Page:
The International Institute for Social History (IISH) will organize the 10th European Social Science History Conference and invites you to submit papers for inclusion in its programme of panels at this bi-annual conference. The ESSHC 2014 will take place 23 – 26 April 2014 at the University of Vienna in Vienna, Austria.
The aim of the ESSHC is to bring together scholars who explain historical phenomena using the methods of the social sciences.
The conference is characterized by a lively, small group exchange, rather than in formal plenary sessions. The conference is organized in many networks covering specific topics. It welcomes papers and sessions on any historical topic and any historical period.
Conference Topics and Sessions
The ESSHC papers and sessions are organized in many networks covering specific topics. For details of each network and its call for papers, please visit the network’s individual call below:
- Africa – Tundé Zack-Williams and Mirjam de Bruijn
Antiquity – Neville Morley and Arjan Zuiderhoek
The Antiquity Network covers the economic and social history of all societies before the medieval era, but with a particular focus on the Mediterranean region in classical antiquity.
- Asia – Nandini Gooptu and Ratna Saptari
Criminal Justice – Guus Meershoek, Paul Lawrence and Heather Shore
The Criminal Justice Network explores all aspects of crime, policing, justice and punishment in all societies, but with a particular focus on the early-modern and modern periods.
Culture – Marga Altena, Joes Segal and Magdalena Elchinova
Cultural encounters: Interpreting the world.
Economic History – Jochen Streb, Jeroen Touwen and Peter Meyer
Economic history studies from myriad angles the most elementary question of all: how mankind managed to unleash an unprecented growth of affluence, which has been a blessing for many, a hope for many more, and a challenge for future generations. We think that finding empirical data will help us understand these issues, and that applying methods and concepts from economic theory will help to observe causal relationships that deepen our understanding of the economic past.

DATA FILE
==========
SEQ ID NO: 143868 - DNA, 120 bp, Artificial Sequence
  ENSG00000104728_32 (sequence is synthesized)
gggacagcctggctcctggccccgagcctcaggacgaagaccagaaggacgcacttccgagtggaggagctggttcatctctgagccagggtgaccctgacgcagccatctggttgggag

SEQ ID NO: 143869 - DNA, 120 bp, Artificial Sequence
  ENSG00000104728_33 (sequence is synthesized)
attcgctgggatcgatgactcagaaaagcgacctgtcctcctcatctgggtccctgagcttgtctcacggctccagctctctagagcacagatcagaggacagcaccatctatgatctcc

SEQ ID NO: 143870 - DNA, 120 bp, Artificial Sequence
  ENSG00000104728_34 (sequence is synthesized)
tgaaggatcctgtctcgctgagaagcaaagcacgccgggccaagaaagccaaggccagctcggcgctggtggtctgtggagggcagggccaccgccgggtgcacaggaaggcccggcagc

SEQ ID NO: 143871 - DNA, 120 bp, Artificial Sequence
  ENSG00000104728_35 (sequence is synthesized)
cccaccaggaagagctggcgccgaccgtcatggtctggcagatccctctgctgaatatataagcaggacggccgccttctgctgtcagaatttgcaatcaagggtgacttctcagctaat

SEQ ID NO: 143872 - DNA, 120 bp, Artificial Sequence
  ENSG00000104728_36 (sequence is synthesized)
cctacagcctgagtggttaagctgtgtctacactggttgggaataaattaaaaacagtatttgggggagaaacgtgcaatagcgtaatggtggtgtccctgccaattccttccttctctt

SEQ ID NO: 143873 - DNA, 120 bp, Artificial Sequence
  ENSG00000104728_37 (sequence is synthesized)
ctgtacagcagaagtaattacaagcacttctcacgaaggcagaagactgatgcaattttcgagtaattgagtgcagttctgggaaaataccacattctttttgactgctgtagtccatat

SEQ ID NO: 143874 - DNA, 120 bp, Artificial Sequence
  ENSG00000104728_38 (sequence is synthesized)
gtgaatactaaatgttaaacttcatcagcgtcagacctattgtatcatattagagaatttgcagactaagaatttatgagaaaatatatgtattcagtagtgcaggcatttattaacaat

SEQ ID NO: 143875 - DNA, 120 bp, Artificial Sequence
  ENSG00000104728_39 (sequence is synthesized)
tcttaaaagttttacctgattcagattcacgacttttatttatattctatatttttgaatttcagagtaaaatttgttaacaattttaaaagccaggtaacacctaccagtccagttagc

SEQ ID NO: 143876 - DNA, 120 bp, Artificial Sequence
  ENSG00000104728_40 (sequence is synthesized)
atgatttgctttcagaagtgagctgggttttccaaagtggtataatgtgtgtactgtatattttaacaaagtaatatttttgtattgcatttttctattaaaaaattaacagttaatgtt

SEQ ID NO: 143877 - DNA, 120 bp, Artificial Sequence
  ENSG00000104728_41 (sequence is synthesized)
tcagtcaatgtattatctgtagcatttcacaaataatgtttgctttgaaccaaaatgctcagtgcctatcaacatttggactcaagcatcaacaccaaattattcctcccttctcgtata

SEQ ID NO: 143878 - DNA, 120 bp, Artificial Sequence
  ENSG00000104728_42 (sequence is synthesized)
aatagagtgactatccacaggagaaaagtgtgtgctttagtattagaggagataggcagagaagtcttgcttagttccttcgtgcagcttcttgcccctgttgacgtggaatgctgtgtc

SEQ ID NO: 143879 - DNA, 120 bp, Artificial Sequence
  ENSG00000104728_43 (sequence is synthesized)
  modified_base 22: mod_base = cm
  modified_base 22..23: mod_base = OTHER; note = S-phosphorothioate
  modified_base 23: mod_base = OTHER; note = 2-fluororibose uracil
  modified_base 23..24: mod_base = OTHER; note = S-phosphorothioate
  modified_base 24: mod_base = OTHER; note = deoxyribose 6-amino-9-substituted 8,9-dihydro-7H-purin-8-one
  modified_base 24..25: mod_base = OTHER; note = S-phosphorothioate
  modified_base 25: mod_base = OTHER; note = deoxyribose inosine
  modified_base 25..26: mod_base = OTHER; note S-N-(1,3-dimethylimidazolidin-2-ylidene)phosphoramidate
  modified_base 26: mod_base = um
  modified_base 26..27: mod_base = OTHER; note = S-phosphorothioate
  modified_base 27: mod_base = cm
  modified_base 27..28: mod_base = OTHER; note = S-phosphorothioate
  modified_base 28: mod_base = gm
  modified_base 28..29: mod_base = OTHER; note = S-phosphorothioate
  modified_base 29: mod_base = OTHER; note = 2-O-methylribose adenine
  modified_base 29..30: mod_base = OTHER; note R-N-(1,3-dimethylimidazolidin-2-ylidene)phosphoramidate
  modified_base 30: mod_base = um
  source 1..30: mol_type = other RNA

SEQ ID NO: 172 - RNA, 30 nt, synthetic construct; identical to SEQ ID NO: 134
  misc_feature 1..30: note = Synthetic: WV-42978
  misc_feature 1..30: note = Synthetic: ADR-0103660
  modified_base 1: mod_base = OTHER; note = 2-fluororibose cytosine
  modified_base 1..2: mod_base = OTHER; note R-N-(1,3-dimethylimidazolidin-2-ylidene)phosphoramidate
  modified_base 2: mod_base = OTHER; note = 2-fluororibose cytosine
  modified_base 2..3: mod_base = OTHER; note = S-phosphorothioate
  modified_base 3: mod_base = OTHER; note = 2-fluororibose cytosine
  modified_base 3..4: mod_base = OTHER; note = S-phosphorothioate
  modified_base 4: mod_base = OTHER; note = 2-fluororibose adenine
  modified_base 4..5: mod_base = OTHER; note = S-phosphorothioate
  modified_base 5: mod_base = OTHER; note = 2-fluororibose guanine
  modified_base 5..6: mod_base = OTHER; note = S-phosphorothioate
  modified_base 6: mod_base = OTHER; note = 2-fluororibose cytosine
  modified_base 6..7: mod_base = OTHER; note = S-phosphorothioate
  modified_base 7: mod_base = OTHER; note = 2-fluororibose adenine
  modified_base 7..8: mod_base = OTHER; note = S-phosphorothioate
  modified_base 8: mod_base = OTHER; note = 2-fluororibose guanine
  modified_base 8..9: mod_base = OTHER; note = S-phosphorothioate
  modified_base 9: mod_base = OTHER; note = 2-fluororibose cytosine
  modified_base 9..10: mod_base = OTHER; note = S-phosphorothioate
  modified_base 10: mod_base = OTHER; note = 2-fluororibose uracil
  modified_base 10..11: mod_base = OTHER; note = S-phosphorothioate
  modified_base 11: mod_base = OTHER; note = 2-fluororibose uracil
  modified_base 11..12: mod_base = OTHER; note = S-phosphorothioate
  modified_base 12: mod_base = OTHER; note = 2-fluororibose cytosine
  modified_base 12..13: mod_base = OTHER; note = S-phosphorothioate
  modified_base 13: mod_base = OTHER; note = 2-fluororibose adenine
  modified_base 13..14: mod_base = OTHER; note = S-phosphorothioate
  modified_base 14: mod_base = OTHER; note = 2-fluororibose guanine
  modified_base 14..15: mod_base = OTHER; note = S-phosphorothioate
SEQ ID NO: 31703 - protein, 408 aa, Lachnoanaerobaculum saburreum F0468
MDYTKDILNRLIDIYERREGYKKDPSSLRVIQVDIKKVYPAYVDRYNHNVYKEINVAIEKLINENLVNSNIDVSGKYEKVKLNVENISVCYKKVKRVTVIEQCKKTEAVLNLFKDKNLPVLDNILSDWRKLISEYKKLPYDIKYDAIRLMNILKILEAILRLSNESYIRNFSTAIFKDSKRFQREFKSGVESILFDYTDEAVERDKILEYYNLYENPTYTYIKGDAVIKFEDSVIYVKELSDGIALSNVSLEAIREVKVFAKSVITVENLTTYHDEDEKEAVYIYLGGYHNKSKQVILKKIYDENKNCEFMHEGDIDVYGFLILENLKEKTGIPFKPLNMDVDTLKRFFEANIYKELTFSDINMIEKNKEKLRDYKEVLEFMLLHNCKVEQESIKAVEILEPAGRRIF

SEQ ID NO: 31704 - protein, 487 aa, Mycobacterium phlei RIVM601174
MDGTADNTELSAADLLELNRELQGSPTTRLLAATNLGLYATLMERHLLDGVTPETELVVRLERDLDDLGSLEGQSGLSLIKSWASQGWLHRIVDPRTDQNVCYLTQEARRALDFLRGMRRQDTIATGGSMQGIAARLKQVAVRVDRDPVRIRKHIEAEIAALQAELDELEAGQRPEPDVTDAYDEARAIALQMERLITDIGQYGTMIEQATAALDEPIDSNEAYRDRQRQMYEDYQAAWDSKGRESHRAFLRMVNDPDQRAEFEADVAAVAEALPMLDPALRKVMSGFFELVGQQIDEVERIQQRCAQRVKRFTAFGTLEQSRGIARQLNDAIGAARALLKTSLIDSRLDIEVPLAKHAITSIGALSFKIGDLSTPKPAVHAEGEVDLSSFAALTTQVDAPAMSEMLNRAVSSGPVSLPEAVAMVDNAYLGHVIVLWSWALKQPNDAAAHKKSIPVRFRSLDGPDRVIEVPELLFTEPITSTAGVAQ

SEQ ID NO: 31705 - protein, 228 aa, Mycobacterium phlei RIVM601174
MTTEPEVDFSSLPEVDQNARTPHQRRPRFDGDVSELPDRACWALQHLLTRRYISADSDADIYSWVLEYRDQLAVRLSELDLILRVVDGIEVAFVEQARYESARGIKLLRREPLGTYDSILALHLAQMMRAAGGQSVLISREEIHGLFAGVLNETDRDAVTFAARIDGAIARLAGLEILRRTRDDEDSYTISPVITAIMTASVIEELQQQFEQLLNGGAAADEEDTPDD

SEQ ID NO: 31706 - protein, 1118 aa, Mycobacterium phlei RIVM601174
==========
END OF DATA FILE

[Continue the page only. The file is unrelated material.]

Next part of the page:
- Education and Childhood – Bengt Sandin
Elites and forerunners – Marja Vuorinen
“From counter-elites to establishment to stagnation, to decline and fall.“
Ethnicity and Migration – Dariusz Stola, Marlou Schrover, Phillipe Rygiel and Per-Olof Gronberg
From its beginning, the ESSHC has been an important venue for migration researchers (it might be said that it is currently the most important platform). The migration and ethnicity network is not the only ESSHC network that deals with this topic. Also in many of the other networks issues related to migration are addressed. We welcome sessions which deal with movement or settlement, or both. We aim to cover a large time span (from Antiquity until today) and the whole world.
Family and Demography – Mary-Louise Nagata and Per Axelsson
This network addresses the lives of individuals, households, families and population in past societies using a variety of sources. Our network also serves to discuss and develop historical methods, historiographies and the history of science and ideas related to family and demographic history.
Health and Environment – Iris Borowy and Enrique Perdiguero
This network addresses the basics of human wellbeing: health and human environment. Both fields are connected to (almost) all other fields of life, so presentations can address a wide range of health and environment related topics, including social, scientific, cultural, medical, economic, political or climate related aspects.
Labour – Elise van Nederveen Meerkerk, Raquel Varela and Christian de Vito
The Labour Network encompasses all aspects of work, labour relations and labour struggle in a global and long-term perspective, including the influence of these global developments on local cases, and vice versa. Besides class, other constituent elements, such as gender, ethnicity, religion, age and nationality, are believed to be indispensable for the historical analysis of work and workers in their broadest definition.
Latin America – Kim Clark and Paulo Drinot
The Latin America network brings together scholars working on all aspects of the region’s history and of its historical relations with other parts of the world. It is open to, and indeed encourages, inter and multidisciplinary perspectives and comparative approaches to the study of one of world’s most diverse and fascinating regions.
Material and Consumer Culture – Jon Stobart, Lesley Whitworth and Ilja van Damme
Products, environments, circuits and people
Our focus in this network is on the production and consumption of material goods, and the systems of exchange, knowledge and meaning that link these together. We are concerned with the materiality of objects, technologies and environments, and the ways in which this creates discourses and impacts upon people and space. This is closely tied to an interest in the social and cultural frameworks within which these material objects circulate and acquire or generate meaning.
- Middle Ages – Ana Maria S.A. Rodrigues and Peter Stabel
- Nursery of society: political and socioeconomic developments in the medieval period
Oral History – Andrea Strutz, Graham Smith and Timothy Asplant
Memory, Narrative, History.
The Network brings together oral historians and life stories practitioners who use oral histories to explore memory, narrative and history.